On the evening of Tuesday, July 14, Temple Israel hosted travel writer Steve Jermanok for the first talk in its Summer in the City lecture series. Mr. Jermanok spoke for about an hour or so, then signed copies of his book, New England Seacoast Adventures: A Complete Guide to Outdoor Recreation from Connecticut to Maine. In addition to being a seasoned and prolific travel writer and author of several books, Mr. Jermanok is also the voice behind the website Active Travels, a blog and discussion forum for the adventurous.

Mr. Jermanok started off by retelling the story of his beginnings as a travel writer, starting in 1990 when he left his job as a broker in New York City and went to the South Pacific. Since then, he's traveled to over 75 countries, written more than 1,000 articles (including over 150 articles for the Boston Globe) and estimates that he still spends about one week of every month on the road. During this time, he says, he's seen the worst and best that humanity has to offer- heartbreaking poverty in Kenya and Turkey, as well as breathtaking scenery in Tahiti, Newfoundland and Patagonia and has enjoyed the incredible kindness and compassion of ordinary people all over the globe, who have taken him in, fed him and taught him so much.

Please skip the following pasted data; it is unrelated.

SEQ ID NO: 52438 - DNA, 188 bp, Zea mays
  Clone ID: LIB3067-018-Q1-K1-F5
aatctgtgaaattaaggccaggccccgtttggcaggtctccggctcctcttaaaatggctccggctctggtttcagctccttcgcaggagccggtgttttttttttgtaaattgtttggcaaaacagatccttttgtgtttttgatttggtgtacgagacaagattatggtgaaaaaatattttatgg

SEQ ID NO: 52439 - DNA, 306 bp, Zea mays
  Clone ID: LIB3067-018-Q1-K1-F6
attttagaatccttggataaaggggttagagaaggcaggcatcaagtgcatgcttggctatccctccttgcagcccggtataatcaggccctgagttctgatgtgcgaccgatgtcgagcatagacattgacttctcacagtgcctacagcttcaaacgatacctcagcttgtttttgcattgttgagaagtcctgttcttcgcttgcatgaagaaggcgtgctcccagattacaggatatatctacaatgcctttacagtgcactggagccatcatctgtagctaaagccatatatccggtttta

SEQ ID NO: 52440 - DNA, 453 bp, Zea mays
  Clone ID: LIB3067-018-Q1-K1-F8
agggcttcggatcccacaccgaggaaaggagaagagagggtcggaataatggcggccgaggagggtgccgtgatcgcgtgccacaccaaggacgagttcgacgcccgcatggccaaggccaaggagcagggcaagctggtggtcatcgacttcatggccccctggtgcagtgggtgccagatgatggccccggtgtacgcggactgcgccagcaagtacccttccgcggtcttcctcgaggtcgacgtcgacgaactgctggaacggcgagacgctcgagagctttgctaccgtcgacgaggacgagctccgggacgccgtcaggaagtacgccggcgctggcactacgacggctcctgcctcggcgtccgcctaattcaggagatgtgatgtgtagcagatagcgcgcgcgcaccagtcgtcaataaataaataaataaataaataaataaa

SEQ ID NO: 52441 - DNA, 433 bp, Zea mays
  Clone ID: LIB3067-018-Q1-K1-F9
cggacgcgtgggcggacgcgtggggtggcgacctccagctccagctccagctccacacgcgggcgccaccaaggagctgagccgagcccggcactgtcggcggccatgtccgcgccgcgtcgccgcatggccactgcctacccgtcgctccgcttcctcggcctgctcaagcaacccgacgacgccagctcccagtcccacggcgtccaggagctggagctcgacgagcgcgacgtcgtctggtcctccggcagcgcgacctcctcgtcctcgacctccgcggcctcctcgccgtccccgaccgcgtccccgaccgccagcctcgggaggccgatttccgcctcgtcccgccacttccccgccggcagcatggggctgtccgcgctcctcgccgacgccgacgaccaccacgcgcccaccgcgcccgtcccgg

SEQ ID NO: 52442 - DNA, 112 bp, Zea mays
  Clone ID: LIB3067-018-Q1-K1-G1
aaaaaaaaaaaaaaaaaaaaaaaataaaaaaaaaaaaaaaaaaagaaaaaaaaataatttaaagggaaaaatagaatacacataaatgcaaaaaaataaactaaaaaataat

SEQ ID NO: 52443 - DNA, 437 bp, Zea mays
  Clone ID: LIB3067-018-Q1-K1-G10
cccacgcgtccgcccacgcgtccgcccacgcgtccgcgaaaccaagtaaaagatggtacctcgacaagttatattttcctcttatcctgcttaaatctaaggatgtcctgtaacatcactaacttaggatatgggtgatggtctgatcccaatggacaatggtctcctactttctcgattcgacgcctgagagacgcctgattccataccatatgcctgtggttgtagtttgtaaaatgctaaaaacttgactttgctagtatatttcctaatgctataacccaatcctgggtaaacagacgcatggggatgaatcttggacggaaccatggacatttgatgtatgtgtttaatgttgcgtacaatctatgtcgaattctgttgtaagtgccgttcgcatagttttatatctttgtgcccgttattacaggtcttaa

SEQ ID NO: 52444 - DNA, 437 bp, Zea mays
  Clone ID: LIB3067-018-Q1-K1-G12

He started off as a broker during the "days of excess" of the 1980s- the days of the $300 bottle of wine for lunch, and the days when the boss would come out of the bathroom and offer him cocaine. He decided to call it quits and booked a flight to Sydney, Australia, with Perry Garfinkle's Travel Writing for Profit and Pleasure and a blank journal in his backpack. He kept that journal for all of his 3-4 month trip, writing his first travel story, "When a friendship becomes a hardship," upon his return. Mr. Jermanok then treated us to a sample of that first story.